- Took a Level in Kindness: He starts as whiny diplomat, but he improves: working in the kitchen and being appreciated brings him satisfaction. And he actually tries to comfort Hornblower when he suffers over the loss of one of his men.
Bunting (Andrew Tiernan)
Surly Seaman of the Weak. Thinks that the officers are still on full rations when supplies run low, tries stealing from the hold, and then attempts to desert after his friend falls victim to scurvy.
- Burial at Sea: He was shot on dry land, but Hornblower decided to take his body and give him a sailor's burial.
- Better to Die than Be Killed: After two attempts at desertion, he considers Horatio's attempts at recapture to be Cruel Mercy since he's certain to be hanged. So he'd prefer to be shot here, thank you.
- Canon Foreigner: Can be found nowhere in the books.
- Dangerous Deserter: Desperate and afraid that they will starve, he starts talking mutiny and decides to desert. He's caught, but Hornblower gives him a chance to prove himself worthy. However, Bunting knows it still means a court-marshal, and he tries to escape whenever he can. He's the only one who tries to mutiny and desert, so he's not that dangerous to the crew.
- Press-Ganged: Matthews implies that he did not join the Navy quite voluntarily. Matthews also says that Finch helped him to settle down.
- Heterosexual Life-Partners: He and Finch were close pals, and he suffers a lot when Finch dies. Finch was a prominent lower-deck character and a pal of Matthews, Styles and Oldroyd in "The Even Chance", while Bunting appeared only in "The Examination for Lieutenant".
- No Name Given: As most of the common seamen, his first name is never mentioned.
- Remember the New Guy: Kind of. He's mentioned as being a close friend of Finch's, which is why he's so angry over Finch's death, but he wasn't present in The Even Chance.
- Suicide by Cop: When he attempts to desert for the last time, Hornblower catches him and wants to have him court-marshalled, which means he'll swing. Bunting considers it cruel and far worse than dying on the spot. He tries to escape and twists Hornblower's pistol, knowing that it'll force Hornblower to shoot him.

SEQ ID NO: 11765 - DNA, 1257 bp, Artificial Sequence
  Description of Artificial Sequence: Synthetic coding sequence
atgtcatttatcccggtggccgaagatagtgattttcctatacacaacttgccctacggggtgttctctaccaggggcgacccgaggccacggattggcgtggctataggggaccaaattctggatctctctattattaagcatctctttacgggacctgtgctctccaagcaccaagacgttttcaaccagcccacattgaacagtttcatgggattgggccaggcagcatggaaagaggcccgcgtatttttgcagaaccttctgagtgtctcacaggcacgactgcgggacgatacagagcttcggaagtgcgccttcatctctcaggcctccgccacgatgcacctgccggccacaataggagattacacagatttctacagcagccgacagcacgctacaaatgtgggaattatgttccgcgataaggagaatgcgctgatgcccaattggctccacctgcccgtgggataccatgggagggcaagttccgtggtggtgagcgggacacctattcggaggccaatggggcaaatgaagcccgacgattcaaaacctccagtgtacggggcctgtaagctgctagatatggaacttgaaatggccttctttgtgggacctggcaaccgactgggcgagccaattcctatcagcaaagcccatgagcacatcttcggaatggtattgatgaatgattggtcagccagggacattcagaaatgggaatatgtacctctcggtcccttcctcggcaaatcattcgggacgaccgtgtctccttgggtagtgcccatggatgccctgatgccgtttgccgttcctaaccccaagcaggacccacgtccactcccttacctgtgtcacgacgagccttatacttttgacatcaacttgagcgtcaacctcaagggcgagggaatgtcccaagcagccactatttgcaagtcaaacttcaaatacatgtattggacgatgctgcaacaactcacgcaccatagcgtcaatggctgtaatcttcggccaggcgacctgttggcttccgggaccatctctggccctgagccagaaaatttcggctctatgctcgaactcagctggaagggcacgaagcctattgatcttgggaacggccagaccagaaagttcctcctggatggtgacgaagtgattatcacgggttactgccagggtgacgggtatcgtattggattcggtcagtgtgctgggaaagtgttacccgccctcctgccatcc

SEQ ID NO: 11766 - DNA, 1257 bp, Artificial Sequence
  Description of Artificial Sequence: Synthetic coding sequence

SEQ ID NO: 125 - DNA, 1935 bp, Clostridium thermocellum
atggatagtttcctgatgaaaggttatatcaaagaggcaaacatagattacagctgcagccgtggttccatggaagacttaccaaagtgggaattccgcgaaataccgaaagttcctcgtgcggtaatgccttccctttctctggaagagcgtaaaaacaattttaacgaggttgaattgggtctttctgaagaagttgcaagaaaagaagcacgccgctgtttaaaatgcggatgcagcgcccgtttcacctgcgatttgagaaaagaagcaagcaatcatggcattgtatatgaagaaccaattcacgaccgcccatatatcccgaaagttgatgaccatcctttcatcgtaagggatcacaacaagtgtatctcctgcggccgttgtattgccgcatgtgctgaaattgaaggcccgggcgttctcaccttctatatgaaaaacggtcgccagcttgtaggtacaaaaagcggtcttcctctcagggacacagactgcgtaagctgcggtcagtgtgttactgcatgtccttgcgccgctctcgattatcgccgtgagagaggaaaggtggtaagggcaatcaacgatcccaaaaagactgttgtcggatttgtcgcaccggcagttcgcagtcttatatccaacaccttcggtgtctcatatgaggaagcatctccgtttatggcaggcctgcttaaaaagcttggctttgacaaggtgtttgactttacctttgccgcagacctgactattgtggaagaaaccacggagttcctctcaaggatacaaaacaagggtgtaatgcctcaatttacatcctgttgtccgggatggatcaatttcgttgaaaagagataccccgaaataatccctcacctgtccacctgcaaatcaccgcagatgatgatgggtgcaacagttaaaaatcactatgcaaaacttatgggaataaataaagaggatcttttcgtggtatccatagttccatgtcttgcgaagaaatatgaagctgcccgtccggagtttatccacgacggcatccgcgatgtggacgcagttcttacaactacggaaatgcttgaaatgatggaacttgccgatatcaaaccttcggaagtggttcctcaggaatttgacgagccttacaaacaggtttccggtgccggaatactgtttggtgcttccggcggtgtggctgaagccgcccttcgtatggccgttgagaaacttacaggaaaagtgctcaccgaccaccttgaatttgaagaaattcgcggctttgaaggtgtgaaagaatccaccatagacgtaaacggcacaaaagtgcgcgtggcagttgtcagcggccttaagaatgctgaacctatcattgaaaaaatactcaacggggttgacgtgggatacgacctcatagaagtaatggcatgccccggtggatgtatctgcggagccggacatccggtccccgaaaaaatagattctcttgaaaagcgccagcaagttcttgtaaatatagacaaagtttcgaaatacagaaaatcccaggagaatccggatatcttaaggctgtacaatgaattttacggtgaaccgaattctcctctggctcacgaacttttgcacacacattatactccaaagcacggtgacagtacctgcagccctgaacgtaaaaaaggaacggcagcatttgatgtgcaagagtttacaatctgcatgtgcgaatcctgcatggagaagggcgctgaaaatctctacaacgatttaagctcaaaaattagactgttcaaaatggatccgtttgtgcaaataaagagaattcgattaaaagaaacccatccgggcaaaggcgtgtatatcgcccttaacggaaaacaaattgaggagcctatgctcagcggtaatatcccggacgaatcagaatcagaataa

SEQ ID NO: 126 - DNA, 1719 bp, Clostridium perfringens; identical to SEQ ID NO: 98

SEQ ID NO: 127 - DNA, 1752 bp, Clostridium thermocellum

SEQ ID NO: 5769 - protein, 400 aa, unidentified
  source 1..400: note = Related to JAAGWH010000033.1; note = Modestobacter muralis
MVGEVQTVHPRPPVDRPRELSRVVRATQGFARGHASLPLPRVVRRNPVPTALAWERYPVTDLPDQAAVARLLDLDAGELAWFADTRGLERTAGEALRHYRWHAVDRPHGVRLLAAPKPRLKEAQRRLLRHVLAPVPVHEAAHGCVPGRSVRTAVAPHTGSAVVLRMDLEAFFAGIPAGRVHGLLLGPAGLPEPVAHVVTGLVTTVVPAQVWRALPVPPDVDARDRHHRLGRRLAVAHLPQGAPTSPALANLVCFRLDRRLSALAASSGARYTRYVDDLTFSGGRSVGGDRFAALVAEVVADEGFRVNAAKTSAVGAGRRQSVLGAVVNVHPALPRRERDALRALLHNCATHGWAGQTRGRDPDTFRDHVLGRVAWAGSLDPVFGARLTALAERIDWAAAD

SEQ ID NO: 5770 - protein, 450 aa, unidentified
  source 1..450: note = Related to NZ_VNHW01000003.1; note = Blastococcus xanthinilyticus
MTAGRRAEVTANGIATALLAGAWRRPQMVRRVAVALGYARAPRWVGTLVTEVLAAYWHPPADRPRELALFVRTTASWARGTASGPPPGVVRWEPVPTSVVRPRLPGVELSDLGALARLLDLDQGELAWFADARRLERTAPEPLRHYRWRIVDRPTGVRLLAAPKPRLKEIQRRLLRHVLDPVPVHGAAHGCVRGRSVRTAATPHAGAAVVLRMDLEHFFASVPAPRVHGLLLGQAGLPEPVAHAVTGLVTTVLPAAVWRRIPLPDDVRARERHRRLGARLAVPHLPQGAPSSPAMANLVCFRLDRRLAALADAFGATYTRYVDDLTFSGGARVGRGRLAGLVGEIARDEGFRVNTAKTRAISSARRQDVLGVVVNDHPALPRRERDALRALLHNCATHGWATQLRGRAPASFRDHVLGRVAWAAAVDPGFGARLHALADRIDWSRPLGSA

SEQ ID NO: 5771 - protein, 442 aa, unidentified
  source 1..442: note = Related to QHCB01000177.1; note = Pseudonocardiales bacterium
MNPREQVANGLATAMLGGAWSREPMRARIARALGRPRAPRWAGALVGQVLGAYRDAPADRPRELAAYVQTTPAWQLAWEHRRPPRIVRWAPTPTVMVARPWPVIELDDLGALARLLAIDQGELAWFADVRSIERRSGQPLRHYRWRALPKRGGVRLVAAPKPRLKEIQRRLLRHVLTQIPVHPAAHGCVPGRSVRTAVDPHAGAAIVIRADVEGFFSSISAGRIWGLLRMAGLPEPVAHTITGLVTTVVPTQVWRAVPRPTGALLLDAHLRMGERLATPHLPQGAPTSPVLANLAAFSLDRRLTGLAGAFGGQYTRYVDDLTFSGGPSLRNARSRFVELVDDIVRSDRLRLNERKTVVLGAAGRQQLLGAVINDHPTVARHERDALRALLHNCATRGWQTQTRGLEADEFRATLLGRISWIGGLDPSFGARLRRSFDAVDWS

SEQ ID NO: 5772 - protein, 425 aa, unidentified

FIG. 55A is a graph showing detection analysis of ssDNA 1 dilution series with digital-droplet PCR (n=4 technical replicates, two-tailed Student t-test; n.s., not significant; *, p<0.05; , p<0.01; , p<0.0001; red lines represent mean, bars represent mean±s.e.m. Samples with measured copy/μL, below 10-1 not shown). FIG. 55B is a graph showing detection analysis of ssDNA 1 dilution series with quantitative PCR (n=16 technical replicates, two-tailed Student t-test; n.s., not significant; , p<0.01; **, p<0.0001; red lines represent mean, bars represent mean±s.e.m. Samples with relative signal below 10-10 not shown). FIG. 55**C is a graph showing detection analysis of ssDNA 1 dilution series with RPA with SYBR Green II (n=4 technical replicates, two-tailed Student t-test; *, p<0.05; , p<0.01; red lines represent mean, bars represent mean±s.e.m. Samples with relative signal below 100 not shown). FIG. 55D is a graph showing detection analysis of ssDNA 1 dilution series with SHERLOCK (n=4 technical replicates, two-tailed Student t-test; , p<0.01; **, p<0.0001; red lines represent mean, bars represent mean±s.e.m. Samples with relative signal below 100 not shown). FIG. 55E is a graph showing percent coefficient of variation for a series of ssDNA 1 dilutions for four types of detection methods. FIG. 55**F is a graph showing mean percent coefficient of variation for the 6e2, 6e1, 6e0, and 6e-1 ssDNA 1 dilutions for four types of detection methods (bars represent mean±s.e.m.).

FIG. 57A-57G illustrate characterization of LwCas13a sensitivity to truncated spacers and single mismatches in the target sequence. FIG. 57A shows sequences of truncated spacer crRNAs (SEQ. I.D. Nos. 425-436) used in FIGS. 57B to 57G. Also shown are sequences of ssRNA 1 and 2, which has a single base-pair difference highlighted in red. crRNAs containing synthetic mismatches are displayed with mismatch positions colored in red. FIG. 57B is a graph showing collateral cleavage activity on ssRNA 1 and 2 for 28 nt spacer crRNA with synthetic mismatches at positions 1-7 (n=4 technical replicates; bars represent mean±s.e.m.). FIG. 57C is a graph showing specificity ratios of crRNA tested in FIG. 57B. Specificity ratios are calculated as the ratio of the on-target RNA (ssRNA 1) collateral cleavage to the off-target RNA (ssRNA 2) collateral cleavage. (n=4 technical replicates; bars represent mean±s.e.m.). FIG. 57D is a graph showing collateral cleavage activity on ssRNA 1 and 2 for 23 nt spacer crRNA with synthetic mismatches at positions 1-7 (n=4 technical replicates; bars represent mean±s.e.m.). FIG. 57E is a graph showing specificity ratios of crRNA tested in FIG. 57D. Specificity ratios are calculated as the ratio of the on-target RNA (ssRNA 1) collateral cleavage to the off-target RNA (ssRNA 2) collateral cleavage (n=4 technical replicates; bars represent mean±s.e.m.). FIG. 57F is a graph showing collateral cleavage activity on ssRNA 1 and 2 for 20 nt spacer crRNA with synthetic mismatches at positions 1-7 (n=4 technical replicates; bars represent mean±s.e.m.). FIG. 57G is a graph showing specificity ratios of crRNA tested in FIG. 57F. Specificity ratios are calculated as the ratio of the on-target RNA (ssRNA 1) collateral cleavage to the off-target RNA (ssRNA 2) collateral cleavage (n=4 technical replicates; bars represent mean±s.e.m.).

- A Taste of the Lash: He gets a gauntlet for stealing food when the crew is on half rations.
Hunter (Christopher Fulford)
A fellow midshipman on the Indy, Hunter is the third episode's Surly Seaman. He's violent and antagonistic.
- Blood Knight: He has to be restrained from shooting every enemy he encounters and seems to enjoy violence. He also runs out of patience very quickly when captured and leads a disastrous escape attempt that involves attacking rather than evading the guards.
- Death Seeker: After his escape fails and he's shot in the leg, Hunter lies on the ground wailing "lemme die!"
- Heroic Sacrifice: Jumps into the water with a still-wounded leg to help a Spaniard get to the boat at the end. It's hard to tell if he's genuinely swept off or if he deliberately let go of the gunwale before Horatio could pull him back in.
- Jerkass: Understated, compared to other examples here, but he needles and resents Horatio, plus he's rather violent.
- Jerkass Realization: He thinks his bravery and sense of duty are superior to Horatio's until his disastrous escape attempt. Horatio takes the entire blame for the incident, in spite of both Massaredo and Archie pressing him repeatedly to tell the truth, and gets shoved in the Punishment Box—a conversation Hunter hears in its entirety from the cell. Hunter becomes quite subdued and anxious about how much Hornblower is suffering in his stead.
- No Name Given: He's just Hunter or Mr Hunter.
- Not So Above It All: Reckless, resentful, and continually pushing at Horatio's authority—but when the Duchess of Wharfdale comes aboard he's as tongue-tied as the rest and trips over himself as he returns to his duties.
- Patriotic Fervor: No Spanish fruit, dammit! British beer and beef!
Duchess of Wharfedale AKA Katherine "Kitty" Cobham (Cherie Lunghi)
Despite her title, or maybe because of it, she's completely informal and enjoys teasing a certain awkward acting-lieutenant when he's asked to bring her back to England. However, she proves that she's willing to put her life on the line for England.
- Affectionate Gesture to the Head:
- She gently touches Horatio's face when she teases him about not having any razors to shave himself. That lady knows how to flirt.